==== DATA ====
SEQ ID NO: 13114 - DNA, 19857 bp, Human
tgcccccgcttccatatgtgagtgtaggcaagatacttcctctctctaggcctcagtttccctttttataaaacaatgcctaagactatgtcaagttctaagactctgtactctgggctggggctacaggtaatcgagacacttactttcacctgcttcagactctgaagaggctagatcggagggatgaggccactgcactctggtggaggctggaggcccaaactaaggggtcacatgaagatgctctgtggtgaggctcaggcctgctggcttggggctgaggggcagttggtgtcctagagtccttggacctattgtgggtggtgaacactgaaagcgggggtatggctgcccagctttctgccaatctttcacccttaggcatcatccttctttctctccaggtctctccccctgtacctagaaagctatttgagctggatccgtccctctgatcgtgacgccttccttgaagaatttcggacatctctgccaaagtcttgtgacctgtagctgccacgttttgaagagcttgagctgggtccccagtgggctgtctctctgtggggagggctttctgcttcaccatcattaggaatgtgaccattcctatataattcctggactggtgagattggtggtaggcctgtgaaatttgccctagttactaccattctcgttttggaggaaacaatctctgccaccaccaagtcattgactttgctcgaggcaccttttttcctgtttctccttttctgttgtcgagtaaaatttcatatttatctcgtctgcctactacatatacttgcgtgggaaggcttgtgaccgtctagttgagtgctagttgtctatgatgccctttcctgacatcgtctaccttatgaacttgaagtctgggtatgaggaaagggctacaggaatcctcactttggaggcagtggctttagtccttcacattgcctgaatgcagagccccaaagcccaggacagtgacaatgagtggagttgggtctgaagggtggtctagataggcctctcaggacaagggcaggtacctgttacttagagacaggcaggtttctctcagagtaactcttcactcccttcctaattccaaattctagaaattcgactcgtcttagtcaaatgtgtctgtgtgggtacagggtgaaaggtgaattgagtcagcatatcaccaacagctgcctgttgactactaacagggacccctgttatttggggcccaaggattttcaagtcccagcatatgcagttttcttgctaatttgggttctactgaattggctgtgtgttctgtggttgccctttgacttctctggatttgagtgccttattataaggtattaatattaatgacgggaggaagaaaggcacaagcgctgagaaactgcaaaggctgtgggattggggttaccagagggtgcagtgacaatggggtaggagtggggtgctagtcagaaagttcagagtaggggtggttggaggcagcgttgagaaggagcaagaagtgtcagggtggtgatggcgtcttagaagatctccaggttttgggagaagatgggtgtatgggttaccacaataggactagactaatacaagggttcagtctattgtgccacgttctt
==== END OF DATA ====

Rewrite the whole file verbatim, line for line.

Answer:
SEQ ID NO: 13114 - DNA, 19857 bp, Human
tgcccccgcttccatatgtgagtgtaggcaagatacttcctctctctaggcctcagtttccctttttataaaacaatgcctaagactatgtcaagttctaagactctgtactctgggctggggctacaggtaatcgagacacttactttcacctgcttcagactctgaagaggctagatcggagggatgaggccactgcactctggtggaggctggaggcccaaactaaggggtcacatgaagatgctctgtggtgaggctcaggcctgctggcttggggctgaggggcagttggtgtcctagagtccttggacctattgtgggtggtgaacactgaaagcgggggtatggctgcccagctttctgccaatctttcacccttaggcatcatccttctttctctccaggtctctccccctgtacctagaaagctatttgagctggatccgtccctctgatcgtgacgccttccttgaagaatttcggacatctctgccaaagtcttgtgacctgtagctgccacgttttgaagagcttgagctgggtccccagtgggctgtctctctgtggggagggctttctgcttcaccatcattaggaatgtgaccattcctatataattcctggactggtgagattggtggtaggcctgtgaaatttgccctagttactaccattctcgttttggaggaaacaatctctgccaccaccaagtcattgactttgctcgaggcaccttttttcctgtttctccttttctgttgtcgagtaaaatttcatatttatctcgtctgcctactacatatacttgcgtgggaaggcttgtgaccgtctagttgagtgctagttgtctatgatgccctttcctgacatcgtctaccttatgaacttgaagtctgggtatgaggaaagggctacaggaatcctcactttggaggcagtggctttagtccttcacattgcctgaatgcagagccccaaagcccaggacagtgacaatgagtggagttgggtctgaagggtggtctagataggcctctcaggacaagggcaggtacctgttacttagagacaggcaggtttctctcagagtaactcttcactcccttcctaattccaaattctagaaattcgactcgtcttagtcaaatgtgtctgtgtgggtacagggtgaaaggtgaattgagtcagcatatcaccaacagctgcctgttgactactaacagggacccctgttatttggggcccaaggattttcaagtcccagcatatgcagttttcttgctaatttgggttctactgaattggctgtgtgttctgtggttgccctttgacttctctggatttgagtgccttattataaggtattaatattaatgacgggaggaagaaaggcacaagcgctgagaaactgcaaaggctgtgggattggggttaccagagggtgcagtgacaatggggtaggagtggggtgctagtcagaaagttcagagtaggggtggttggaggcagcgttgagaaggagcaagaagtgtcagggtggtgatggcgtcttagaagatctccaggttttgggagaagatgggtgtatgggttaccacaataggactagactaatacaagggttcagtctattgtgccacgttctt